Consider what you have, and be thankful. Count your blessings and know that for each one you count, you can do so at the cost of the blood shed on your behalf. If you can, when you see the opportunity, say ‘Thank You’ to someone in uniform. If possible, even more... show your appreciation in a tangible way; pay for a soldier’s meal if you see one in a restaurant, but do it anonymously... if you live in ‘military town’ where our young men and women cannot go home for holidays or not even for any special time, invite one or more into your home, and share your home’s warmth and love with them. You can be a substitute family even if they cannot be with their own. Send a ‘thank you’ card to someone in the military; you don’t have to know their name. The USO and other organizations will make sure that your card and your thanks will make it into grateful hands.

After all, this could be your son or daughter, your brother or sister, your family or friend into whose hand it is delivered.  

Love = Sacrifice of self, in every sense; spiritual, emotional, physical. To love, we have to sacrifice something of ourselves. Those brave members of our military give up part of themselves for love of not only their family, but for love of their country, and for love of doing what is right.

I love my daughter, but her willingness to sacrifice for her family and her country by her service makes me more proud of her than I can say.

When you see someone in uniform in your community, notice that they may walk a bit taller, stand a bit more proudly. That’s not just their training that does that. That’s self-respect and pride of service. They’ve earned the right to be called patriots and true Americans. Have we?



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Member Comments

    • 0 votes vote up vote up

      Mary Clark wrote Feb 15, 2009
    • I couldn’t agree with you anymore.  Very well written!  I think sometimes we all take for granted what the men and women in uniform do for us DAILY.



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    • 0 votes vote up vote up

      Paris Mano wrote Feb 15, 2009
    • This was very beautiful. Thanks for sharing this. I belong to Soldiers’ Angels and have adopted a soldier.
      Is your daughter serving in the military? After reading this, I am assuming she is. It is a pleasure to meet you and learn more about your family.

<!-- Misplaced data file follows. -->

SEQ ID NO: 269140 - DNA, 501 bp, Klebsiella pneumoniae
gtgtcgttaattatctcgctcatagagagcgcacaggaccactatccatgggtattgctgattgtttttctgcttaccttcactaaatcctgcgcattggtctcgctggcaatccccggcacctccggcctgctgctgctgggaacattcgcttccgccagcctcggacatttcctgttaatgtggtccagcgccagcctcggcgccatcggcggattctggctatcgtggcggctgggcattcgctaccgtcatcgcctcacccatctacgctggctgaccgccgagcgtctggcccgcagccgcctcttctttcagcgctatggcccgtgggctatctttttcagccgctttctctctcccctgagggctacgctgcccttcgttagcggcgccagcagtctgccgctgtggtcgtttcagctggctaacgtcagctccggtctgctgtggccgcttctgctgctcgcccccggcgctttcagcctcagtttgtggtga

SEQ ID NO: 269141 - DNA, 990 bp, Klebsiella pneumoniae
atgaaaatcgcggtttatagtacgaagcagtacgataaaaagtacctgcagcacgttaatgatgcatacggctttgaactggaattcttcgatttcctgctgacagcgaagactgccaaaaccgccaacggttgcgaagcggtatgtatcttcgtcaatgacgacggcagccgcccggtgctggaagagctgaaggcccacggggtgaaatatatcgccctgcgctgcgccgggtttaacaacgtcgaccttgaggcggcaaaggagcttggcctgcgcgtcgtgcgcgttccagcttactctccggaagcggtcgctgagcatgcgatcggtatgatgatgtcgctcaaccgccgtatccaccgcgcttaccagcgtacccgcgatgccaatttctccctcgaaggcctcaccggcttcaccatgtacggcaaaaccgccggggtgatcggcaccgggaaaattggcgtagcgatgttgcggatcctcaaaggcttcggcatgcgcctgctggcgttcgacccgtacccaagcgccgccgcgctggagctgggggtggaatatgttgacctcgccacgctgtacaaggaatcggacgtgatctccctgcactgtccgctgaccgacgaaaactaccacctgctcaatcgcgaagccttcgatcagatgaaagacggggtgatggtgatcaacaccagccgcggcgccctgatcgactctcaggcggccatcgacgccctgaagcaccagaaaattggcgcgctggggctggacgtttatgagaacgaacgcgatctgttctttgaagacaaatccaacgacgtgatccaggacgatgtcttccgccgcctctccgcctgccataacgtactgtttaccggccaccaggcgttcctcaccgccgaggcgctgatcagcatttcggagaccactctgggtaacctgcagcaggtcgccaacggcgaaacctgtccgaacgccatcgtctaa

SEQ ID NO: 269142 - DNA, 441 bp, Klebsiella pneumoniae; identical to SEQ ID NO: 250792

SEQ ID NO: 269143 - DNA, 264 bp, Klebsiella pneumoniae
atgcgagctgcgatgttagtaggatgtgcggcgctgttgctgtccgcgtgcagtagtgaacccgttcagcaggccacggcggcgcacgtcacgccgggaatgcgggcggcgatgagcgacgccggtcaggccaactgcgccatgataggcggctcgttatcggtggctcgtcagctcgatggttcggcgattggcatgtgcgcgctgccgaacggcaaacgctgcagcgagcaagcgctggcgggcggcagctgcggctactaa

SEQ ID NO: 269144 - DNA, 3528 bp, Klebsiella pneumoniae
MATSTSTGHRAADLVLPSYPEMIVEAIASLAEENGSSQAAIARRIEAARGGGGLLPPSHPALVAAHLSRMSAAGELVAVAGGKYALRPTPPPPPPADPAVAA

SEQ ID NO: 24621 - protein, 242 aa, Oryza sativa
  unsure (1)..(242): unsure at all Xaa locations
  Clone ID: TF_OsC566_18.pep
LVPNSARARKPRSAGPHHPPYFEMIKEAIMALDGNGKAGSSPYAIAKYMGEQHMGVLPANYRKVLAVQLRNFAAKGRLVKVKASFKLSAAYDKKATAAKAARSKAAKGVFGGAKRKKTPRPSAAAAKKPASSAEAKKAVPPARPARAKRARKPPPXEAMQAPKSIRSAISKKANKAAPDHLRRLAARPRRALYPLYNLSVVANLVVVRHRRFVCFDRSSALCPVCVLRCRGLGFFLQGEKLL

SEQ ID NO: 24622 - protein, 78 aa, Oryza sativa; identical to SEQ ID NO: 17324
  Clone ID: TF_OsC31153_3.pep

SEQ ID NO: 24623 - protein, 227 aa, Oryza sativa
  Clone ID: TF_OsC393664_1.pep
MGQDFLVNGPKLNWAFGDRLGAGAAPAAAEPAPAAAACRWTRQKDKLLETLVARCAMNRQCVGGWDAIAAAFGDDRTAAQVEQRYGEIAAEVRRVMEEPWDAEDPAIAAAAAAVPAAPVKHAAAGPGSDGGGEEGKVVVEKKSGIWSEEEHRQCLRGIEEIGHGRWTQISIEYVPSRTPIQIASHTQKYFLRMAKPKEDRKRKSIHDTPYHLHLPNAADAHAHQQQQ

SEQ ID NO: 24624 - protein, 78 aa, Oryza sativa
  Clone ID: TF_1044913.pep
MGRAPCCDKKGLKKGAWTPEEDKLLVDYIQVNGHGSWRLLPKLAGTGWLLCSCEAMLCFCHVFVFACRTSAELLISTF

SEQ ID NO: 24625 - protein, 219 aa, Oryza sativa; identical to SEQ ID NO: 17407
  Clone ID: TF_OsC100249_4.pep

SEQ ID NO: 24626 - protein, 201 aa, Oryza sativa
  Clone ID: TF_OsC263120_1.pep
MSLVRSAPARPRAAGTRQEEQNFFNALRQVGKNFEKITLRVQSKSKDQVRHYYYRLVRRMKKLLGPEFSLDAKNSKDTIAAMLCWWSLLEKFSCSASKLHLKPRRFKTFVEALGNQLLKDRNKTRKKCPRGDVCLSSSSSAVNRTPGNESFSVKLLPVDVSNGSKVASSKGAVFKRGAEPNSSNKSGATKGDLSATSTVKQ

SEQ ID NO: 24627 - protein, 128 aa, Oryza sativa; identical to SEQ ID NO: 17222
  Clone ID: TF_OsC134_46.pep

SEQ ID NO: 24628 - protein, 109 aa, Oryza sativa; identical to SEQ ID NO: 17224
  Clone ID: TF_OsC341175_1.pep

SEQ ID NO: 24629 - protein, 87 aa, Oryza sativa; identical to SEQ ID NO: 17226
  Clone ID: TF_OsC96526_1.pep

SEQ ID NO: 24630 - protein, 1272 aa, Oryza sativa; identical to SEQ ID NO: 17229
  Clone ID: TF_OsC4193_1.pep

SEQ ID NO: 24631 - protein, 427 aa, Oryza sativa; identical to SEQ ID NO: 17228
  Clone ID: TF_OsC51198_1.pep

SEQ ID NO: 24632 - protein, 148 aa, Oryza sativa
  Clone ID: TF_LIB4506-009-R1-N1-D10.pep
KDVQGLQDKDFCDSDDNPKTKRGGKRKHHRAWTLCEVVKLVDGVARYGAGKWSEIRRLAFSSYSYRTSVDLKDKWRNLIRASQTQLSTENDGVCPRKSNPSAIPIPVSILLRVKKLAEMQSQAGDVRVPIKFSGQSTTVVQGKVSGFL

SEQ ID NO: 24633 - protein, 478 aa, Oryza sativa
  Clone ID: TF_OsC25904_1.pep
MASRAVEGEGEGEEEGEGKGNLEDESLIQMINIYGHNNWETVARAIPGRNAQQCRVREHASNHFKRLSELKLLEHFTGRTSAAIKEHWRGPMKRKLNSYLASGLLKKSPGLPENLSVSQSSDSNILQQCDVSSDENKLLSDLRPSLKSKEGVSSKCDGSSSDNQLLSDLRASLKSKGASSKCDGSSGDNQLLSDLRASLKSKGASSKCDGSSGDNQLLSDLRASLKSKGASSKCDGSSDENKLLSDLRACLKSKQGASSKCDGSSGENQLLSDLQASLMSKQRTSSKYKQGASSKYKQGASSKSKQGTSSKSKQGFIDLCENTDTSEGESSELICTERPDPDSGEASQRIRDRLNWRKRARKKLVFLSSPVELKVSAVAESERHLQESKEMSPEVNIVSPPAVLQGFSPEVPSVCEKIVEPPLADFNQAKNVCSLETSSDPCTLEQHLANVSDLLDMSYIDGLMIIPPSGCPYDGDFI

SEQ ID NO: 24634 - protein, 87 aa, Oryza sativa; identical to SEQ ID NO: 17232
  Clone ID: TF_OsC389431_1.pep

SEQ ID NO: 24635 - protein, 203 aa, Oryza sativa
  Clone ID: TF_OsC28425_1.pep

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    • 0 votes vote up vote up

      Julia Newbern wrote Feb 15, 2009
    • Thanks so much for your comments, maryclark, chinadoll and Paris... that’s a great welcome to this community!  

      I enjoy writing, and trying to observe the world around me allows me to draw in not just nature, but humanity... or sadly, at times, the lack of humanity we are faced with on a daily basis.

      I started to go to college, however, life got in the way, and instead I became a stay-at-home mom, without a car, for 9 years before I had to go back out into the workforce to support my family after my former husband lost a job he’d had for 10 years. His manic-depression became something that almost sank us, so it was up to me.  

      Yes, Paris, my daughter is US Army. She was stationed in Heidelberg, Germany, when my granddaughter had a grand mal seizure; only a couple of days after my son-in-law flew back to the States to get back to work, as all the jobs over on post, though you’d think they would prioritize and give them to military dependents, are given to German contractors, who hire their own ‘illegals’ - mostly from the Middle East!!



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    • 0 votes vote up vote up

      Rystmom wrote Feb 15, 2009
    • Well said. One of things my hubby and I do to show appreciation is to buy their meal in a resturant. We have been looked at so strange, then we tell them thank you for your sacrifices for our country.
      We actually had 2 soldiers hug us. Stated alot of people don’t recognize their sacrifices. How sad is that!



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    • 0 votes vote up vote up

      Julia Newbern wrote Feb 15, 2009
    • Thank you, rystmom... I am the daughter of a multi-tour Vietnam vet/USMC retired... I am the sister of a former US Marine, who became a deputy sheriff, I was married to a man who served in the US Army in the 101st Airborne, I am sister to a firefighter, and mother of a soldier daughter. Only those who have given and sacrificed know the true meaning of what it is to do so. Their families sacrifice just as much, tho more indirectly.